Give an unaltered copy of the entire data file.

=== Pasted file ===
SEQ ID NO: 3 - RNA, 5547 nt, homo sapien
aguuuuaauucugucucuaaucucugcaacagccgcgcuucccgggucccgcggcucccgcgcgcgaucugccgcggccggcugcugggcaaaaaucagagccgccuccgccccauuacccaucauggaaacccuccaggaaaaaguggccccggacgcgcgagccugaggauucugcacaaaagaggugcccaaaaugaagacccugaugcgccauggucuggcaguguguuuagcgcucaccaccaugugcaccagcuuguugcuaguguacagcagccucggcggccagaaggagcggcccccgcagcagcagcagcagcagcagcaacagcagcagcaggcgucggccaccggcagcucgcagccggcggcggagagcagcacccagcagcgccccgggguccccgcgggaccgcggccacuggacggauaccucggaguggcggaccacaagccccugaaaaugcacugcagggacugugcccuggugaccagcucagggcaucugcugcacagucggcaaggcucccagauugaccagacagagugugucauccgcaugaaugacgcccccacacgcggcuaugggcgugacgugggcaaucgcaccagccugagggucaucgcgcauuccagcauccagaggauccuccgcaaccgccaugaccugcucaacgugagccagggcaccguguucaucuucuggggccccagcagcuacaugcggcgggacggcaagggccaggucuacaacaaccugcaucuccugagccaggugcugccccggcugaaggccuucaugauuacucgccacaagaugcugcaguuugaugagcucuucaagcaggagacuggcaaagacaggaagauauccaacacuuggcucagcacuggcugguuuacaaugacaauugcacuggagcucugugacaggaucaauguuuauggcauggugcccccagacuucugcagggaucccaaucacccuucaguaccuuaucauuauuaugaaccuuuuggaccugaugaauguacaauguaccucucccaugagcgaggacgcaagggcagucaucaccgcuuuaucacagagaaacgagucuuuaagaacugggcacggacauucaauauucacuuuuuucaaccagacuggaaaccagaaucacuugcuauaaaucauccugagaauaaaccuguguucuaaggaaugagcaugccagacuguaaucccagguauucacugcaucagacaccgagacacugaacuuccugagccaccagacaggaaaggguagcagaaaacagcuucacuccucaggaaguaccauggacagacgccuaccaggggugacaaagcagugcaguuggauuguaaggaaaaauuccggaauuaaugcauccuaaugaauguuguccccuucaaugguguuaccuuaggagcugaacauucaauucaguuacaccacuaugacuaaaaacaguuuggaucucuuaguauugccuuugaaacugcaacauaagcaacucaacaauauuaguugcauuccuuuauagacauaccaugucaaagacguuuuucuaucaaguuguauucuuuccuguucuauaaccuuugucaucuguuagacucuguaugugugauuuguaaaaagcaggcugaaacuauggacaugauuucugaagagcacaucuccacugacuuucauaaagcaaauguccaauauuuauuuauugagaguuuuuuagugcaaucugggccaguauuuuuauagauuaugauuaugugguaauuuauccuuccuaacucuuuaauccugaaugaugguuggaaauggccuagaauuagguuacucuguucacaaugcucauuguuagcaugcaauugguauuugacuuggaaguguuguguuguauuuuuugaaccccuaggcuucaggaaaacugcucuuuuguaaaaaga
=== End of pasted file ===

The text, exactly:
SEQ ID NO: 3 - RNA, 5547 nt, homo sapien
aguuuuaauucugucucuaaucucugcaacagccgcgcuucccgggucccgcggcucccgcgcgcgaucugccgcggccggcugcugggcaaaaaucagagccgccuccgccccauuacccaucauggaaacccuccaggaaaaaguggccccggacgcgcgagccugaggauucugcacaaaagaggugcccaaaaugaagacccugaugcgccauggucuggcaguguguuuagcgcucaccaccaugugcaccagcuuguugcuaguguacagcagccucggcggccagaaggagcggcccccgcagcagcagcagcagcagcagcaacagcagcagcaggcgucggccaccggcagcucgcagccggcggcggagagcagcacccagcagcgccccgggguccccgcgggaccgcggccacuggacggauaccucggaguggcggaccacaagccccugaaaaugcacugcagggacugugcccuggugaccagcucagggcaucugcugcacagucggcaaggcucccagauugaccagacagagugugucauccgcaugaaugacgcccccacacgcggcuaugggcgugacgugggcaaucgcaccagccugagggucaucgcgcauuccagcauccagaggauccuccgcaaccgccaugaccugcucaacgugagccagggcaccguguucaucuucuggggccccagcagcuacaugcggcgggacggcaagggccaggucuacaacaaccugcaucuccugagccaggugcugccccggcugaaggccuucaugauuacucgccacaagaugcugcaguuugaugagcucuucaagcaggagacuggcaaagacaggaagauauccaacacuuggcucagcacuggcugguuuacaaugacaauugcacuggagcucugugacaggaucaauguuuauggcauggugcccccagacuucugcagggaucccaaucacccuucaguaccuuaucauuauuaugaaccuuuuggaccugaugaauguacaauguaccucucccaugagcgaggacgcaagggcagucaucaccgcuuuaucacagagaaacgagucuuuaagaacugggcacggacauucaauauucacuuuuuucaaccagacuggaaaccagaaucacuugcuauaaaucauccugagaauaaaccuguguucuaaggaaugagcaugccagacuguaaucccagguauucacugcaucagacaccgagacacugaacuuccugagccaccagacaggaaaggguagcagaaaacagcuucacuccucaggaaguaccauggacagacgccuaccaggggugacaaagcagugcaguuggauuguaaggaaaaauuccggaauuaaugcauccuaaugaauguuguccccuucaaugguguuaccuuaggagcugaacauucaauucaguuacaccacuaugacuaaaaacaguuuggaucucuuaguauugccuuugaaacugcaacauaagcaacucaacaauauuaguugcauuccuuuauagacauaccaugucaaagacguuuuucuaucaaguuguauucuuuccuguucuauaaccuuugucaucuguuagacucuguaugugugauuuguaaaaagcaggcugaaacuauggacaugauuucugaagagcacaucuccacugacuuucauaaagcaaauguccaauauuuauuuauugagaguuuuuuagugcaaucugggccaguauuuuuauagauuaugauuaugugguaauuuauccuuccuaacucuuuaauccugaaugaugguuggaaauggccuagaauuagguuacucuguucacaaugcucauuguuagcaugcaauugguauuugacuuggaaguguuguguuguauuuuuugaaccccuaggcuucaggaaaacugcucuuuuguaaaaaga